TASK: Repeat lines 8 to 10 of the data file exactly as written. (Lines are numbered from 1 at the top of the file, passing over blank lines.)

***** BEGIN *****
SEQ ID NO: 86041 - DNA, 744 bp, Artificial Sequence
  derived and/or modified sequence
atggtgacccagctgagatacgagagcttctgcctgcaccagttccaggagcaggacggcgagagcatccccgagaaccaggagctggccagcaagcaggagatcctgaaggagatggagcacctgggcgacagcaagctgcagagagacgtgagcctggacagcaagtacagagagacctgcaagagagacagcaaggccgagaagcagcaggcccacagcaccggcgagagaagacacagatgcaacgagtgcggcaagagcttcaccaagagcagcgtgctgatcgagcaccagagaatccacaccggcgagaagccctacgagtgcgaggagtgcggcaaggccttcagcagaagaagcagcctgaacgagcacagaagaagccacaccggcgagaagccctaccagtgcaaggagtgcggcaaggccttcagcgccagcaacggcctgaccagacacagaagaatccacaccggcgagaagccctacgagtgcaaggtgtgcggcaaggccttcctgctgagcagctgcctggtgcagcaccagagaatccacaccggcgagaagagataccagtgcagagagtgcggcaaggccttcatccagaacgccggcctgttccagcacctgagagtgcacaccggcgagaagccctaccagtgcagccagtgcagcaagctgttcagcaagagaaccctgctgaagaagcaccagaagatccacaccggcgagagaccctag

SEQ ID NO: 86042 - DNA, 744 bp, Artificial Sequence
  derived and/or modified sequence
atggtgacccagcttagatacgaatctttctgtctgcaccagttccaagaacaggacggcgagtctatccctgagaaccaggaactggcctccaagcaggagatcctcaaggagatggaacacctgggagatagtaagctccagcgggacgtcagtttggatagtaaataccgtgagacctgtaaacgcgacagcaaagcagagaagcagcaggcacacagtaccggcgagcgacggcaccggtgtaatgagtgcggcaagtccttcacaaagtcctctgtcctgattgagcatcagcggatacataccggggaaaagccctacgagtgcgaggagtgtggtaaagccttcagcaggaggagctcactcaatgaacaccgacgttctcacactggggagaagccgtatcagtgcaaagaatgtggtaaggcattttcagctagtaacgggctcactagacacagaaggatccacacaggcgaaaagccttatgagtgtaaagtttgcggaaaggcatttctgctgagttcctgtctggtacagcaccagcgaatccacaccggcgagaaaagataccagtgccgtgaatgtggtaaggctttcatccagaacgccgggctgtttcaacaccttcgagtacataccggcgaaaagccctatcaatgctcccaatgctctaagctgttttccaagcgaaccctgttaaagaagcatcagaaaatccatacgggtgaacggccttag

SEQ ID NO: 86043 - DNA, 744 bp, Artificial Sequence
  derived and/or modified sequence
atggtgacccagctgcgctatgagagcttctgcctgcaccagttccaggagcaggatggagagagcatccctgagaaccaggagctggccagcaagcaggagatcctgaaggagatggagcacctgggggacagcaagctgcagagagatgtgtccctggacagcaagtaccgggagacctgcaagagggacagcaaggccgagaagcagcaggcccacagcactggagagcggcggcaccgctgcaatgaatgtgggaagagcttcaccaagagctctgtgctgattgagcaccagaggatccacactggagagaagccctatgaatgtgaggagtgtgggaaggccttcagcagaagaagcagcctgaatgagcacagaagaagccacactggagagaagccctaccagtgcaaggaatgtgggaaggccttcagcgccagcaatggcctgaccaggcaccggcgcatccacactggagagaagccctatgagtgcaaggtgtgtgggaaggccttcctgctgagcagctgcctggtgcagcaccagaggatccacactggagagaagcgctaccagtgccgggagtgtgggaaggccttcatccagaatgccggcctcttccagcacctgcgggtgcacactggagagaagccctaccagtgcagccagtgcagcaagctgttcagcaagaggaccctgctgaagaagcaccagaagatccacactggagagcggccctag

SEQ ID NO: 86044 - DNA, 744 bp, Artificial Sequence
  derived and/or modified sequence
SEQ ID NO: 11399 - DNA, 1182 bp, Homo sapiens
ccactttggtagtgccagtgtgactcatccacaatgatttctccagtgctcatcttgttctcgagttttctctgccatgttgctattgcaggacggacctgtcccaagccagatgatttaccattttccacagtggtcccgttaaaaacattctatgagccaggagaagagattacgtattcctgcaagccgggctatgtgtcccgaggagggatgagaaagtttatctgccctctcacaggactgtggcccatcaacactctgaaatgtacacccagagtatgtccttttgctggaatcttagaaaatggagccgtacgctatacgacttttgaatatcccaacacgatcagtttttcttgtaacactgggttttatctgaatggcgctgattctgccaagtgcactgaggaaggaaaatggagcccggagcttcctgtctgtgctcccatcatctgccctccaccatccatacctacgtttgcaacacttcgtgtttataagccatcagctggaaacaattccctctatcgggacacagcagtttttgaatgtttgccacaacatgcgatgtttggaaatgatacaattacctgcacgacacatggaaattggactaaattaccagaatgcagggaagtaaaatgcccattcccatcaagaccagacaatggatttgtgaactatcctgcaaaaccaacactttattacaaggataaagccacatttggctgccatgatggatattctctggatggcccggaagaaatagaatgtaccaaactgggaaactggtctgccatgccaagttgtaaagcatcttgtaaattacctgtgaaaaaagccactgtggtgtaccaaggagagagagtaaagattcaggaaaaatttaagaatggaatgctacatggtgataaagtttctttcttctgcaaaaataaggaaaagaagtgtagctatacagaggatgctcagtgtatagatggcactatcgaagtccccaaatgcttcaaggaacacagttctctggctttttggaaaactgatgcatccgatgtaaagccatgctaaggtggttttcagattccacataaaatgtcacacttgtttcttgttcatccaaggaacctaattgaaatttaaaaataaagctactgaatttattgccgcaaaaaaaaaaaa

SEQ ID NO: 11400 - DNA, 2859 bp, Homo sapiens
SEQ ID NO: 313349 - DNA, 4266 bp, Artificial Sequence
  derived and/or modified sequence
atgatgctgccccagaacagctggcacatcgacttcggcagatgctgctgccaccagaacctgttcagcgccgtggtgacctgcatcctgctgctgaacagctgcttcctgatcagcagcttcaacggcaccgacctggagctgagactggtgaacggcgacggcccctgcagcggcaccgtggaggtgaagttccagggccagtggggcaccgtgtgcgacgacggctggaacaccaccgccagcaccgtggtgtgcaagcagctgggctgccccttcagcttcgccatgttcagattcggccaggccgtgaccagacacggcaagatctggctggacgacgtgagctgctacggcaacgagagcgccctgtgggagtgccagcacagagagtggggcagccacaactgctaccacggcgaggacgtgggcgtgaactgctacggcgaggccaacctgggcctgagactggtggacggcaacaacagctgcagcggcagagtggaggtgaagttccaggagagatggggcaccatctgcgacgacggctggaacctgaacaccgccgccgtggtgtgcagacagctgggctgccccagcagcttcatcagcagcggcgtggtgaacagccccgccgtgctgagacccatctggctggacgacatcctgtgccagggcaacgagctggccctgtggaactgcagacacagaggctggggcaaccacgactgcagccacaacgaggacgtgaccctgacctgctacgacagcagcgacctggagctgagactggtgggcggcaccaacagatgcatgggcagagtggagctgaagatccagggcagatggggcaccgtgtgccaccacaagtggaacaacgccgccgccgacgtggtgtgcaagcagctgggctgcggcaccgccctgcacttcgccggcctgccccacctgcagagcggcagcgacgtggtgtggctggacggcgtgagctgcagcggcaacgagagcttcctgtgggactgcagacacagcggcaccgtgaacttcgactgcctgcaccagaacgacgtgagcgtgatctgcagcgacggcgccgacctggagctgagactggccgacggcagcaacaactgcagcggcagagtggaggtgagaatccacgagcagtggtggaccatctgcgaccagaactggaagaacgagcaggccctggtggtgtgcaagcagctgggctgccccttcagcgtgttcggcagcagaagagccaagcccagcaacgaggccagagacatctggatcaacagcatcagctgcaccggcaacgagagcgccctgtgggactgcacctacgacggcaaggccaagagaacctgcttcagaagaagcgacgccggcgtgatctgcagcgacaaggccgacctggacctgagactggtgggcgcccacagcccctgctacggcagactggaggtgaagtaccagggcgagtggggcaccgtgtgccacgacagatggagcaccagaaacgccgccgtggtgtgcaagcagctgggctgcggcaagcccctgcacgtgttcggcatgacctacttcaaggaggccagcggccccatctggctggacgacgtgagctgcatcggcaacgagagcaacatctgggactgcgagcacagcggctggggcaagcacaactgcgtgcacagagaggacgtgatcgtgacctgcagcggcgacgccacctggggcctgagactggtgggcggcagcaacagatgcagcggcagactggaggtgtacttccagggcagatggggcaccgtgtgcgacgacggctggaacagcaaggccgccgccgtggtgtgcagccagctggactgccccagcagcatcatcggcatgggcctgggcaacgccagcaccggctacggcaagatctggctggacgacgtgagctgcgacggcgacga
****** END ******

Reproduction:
  derived and/or modified sequence
atggtgacccagctgcgctatgagagcttctgcctgcaccagttccaggagcaggatggagagagcatccctgagaaccaggagctggccagcaagcaggagatcctgaaggagatggagcacctgggggacagcaagctgcagagagatgtgtccctggacagcaagtaccgggagacctgcaagagggacagcaaggccgagaagcagcaggcccacagcactggagagcggcggcaccgctgcaatgaatgtgggaagagcttcaccaagagctctgtgctgattgagcaccagaggatccacactggagagaagccctatgaatgtgaggagtgtgggaaggccttcagcagaagaagcagcctgaatgagcacagaagaagccacactggagagaagccctaccagtgcaaggaatgtgggaaggccttcagcgccagcaatggcctgaccaggcaccggcgcatccacactggagagaagccctatgagtgcaaggtgtgtgggaaggccttcctgctgagcagctgcctggtgcagcaccagaggatccacactggagagaagcgctaccagtgccgggagtgtgggaaggccttcatccagaatgccggcctcttccagcacctgcgggtgcacactggagagaagccctaccagtgcagccagtgcagcaagctgttcagcaagaggaccctgctgaagaagcaccagaagatccacactggagagcggccctag

SEQ ID NO: 86044 - DNA, 744 bp, Artificial Sequence